Creating conflict is one of the biggest steps an author can take to get their plot rolling, but oftentimes one important factor is overlooked in favor of cutting right to the chase: character goals.
If you want to create conflict that is both thrilling and purposeful, you must give each of the characters involved a strong goal that gives meaning to their actions.
When characters take relatable, if not admirable, action, readers are drawn into the story. When you allow your characters to run free, readers will have a hard time making those necessary connections.
But what is a character goal anyway? In essence, a character goal is the one thing that your character is ultimately striving to attain or defeat throughout their journey. A powerful goal will strengthen your story's character and plot development, reveal character motivations, and promote tension and conflict.
But how do you choose your character's goal? And how can you make that goal as powerful as can be? Let's first take a look at the two types of action:
Internal Action. Internal action occurs when a character knowingly creates conflict or willingly walks themselves into it. In other words, the character is consciously moving the plot forward through the decisions they have chosen to make.
External Action. On the other hand, external action occurs when things keep happening to your character and they are left to react and regroup. The character may willingly or unwillingly face the consequences of these events, but nevertheless the action is being done unto them rather than them consciously choosing to partake in it.
Internal action is definitely the most purposeful and powerful type of action you can create in your story. If your story's hero is constantly dealing with the after effects of action they didn't see coming, little room is left for tension or character development to blossom.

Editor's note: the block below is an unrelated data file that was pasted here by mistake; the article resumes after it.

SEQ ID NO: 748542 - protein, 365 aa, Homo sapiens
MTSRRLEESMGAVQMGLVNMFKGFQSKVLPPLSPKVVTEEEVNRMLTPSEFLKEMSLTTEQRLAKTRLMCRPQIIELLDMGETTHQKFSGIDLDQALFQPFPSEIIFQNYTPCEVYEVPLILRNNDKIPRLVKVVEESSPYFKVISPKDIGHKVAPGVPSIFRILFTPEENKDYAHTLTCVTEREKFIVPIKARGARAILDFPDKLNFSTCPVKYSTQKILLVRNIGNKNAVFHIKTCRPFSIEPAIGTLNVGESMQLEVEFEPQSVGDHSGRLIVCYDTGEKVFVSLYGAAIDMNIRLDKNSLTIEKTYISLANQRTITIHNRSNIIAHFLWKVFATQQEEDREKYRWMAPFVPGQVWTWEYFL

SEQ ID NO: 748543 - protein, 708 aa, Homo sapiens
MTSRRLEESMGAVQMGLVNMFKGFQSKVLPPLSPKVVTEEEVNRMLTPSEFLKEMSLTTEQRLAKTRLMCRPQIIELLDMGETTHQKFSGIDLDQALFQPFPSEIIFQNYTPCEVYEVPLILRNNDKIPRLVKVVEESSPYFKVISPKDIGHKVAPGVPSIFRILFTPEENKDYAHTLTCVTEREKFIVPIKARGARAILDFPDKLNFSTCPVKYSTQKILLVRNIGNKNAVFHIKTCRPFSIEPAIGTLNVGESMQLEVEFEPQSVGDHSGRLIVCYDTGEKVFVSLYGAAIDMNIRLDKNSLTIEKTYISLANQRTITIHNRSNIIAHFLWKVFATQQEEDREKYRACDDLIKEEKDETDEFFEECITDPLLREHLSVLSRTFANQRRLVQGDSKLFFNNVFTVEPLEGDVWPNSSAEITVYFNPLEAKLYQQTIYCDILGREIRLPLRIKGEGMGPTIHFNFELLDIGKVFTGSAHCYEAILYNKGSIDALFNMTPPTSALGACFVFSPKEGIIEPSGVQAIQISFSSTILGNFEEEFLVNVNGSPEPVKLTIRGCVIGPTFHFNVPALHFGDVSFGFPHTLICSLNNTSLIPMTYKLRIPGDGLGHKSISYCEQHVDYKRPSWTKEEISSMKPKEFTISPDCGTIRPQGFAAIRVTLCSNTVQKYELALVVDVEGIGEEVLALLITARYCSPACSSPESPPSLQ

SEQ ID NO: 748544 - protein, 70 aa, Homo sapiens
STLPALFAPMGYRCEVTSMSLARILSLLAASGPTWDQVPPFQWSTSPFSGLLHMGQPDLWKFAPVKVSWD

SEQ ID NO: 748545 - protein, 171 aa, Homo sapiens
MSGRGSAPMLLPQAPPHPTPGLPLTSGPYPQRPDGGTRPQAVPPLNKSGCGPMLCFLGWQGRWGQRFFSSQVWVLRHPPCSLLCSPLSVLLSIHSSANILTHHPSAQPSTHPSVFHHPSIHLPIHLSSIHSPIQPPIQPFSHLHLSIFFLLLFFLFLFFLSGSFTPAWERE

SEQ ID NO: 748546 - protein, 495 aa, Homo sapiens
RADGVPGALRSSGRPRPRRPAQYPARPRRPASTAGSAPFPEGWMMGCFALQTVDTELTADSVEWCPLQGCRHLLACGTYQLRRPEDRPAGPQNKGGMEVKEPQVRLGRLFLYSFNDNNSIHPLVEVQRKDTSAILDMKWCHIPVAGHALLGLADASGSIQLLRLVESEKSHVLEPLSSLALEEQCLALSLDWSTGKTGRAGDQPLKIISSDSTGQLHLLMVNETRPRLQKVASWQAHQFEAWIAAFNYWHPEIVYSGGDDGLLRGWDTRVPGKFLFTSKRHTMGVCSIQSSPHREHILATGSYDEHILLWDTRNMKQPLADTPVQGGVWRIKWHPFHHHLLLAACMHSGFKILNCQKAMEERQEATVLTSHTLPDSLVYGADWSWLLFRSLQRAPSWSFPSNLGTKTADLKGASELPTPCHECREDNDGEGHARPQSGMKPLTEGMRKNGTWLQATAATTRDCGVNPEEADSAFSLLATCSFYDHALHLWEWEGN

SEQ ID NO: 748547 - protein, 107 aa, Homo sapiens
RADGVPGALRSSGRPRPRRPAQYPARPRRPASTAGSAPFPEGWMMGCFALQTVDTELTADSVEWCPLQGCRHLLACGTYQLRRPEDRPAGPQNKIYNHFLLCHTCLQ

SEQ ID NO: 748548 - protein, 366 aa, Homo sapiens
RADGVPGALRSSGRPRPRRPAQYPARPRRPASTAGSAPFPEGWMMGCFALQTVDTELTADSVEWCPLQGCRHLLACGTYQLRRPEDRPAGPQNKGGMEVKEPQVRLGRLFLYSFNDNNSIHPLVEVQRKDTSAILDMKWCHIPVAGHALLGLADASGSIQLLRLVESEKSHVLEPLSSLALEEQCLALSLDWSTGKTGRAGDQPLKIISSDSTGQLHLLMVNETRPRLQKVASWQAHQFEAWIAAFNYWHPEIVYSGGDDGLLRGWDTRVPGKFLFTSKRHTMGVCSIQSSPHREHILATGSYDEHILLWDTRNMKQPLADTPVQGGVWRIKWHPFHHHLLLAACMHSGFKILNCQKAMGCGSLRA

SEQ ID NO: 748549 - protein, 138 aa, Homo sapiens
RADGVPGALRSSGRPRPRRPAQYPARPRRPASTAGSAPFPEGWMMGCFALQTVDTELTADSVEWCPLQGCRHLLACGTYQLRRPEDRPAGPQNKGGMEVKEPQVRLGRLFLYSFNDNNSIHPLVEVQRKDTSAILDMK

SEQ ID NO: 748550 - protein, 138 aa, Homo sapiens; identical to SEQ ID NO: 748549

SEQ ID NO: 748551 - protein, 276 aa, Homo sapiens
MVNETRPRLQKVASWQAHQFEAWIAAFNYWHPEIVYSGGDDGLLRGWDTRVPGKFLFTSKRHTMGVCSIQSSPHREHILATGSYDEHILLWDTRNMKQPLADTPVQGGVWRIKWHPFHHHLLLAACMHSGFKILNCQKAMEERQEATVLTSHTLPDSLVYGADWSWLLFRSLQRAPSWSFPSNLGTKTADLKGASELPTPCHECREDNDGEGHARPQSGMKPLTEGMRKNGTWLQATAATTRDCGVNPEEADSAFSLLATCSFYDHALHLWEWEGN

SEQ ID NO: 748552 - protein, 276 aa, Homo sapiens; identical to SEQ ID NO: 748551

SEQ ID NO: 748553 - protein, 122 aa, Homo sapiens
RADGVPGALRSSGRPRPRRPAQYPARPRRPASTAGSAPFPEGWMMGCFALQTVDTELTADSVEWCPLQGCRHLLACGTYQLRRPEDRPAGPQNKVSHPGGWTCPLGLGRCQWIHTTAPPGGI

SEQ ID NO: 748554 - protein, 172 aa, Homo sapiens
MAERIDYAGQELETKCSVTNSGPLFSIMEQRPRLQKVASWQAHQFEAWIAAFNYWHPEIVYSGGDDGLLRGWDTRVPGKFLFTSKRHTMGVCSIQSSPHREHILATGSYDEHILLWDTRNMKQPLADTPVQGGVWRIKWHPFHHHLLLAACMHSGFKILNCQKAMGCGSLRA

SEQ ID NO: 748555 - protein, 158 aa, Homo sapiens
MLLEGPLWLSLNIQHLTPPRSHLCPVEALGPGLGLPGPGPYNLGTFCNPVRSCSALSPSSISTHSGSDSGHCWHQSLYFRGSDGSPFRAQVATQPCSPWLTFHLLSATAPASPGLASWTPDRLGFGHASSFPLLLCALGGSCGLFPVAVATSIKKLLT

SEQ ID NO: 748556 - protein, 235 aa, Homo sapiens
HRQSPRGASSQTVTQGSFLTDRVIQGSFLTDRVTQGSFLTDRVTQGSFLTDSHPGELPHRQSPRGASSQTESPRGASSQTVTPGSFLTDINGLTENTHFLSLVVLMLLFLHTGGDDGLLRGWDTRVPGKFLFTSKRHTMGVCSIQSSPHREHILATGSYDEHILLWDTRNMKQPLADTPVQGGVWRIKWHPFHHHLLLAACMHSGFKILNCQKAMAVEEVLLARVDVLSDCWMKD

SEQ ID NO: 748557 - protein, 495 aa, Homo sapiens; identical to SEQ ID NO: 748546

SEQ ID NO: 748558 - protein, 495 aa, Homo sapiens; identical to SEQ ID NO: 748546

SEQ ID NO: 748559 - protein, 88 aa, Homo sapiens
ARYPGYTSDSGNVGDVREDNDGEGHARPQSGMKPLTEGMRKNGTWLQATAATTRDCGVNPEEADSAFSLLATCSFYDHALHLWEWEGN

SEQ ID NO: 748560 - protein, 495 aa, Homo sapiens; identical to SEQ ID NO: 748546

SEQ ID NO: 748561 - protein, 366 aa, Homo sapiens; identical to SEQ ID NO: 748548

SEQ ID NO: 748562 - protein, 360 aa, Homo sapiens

However, when a character chooses to take action because they have a particular goal in mind, you as the author give yourself a huge opportunity to create a wealth of rich and realistic character and plot developments.
(Side note: Have you ever read a story where you feel like nothing has occurred even though you've read several hundred pages? That's what happens when a book lacks internal action!)
To wrap it up in one sentence, crafting killer character goals is an integral factor in creating strong, relatable characters that will drive your story's plot forward by promoting thrilling conflict.
Hey, I never said it was a short sentence. Well, let's hop to it, shall we?
Finding Your Hero's Goal
Finding your hero's character goal can be a tricky thing. I was recently doing some editing on my own WIP when I discovered that one of my main characters completely lacked any goal.
As a result, her motivations were weak, the conflict was lacking, and her storyline just felt dizzying to read. I had to go back to the drawing board to get things right, when I should have taken the time to give her a powerful goal in the first place.
Learn from my mistake and ask yourself the following questions now:
1. What does my character want? What is the one thing in the world that your hero is striving for? Is there a promise they must keep? A truth they want to come to light? A relationship they want to rebuild? Now is the time to decide what your character will fight for.
2. What does my character actually need? Sometimes our character's goals are born out of unpleasant emotions like anger, fear, desperation, vanity, and pride. What the character wants may not actually be what they need. You need to figure out what will ultimately fulfill your hero versus what they think will fulfill them.
Keep in mind, your hero's character goal may shift throughout the story as they come to realize that what they want isn't exactly what they need. This is actually a great thing! Why? Because a change in perspective, motivation, or action indicates growth.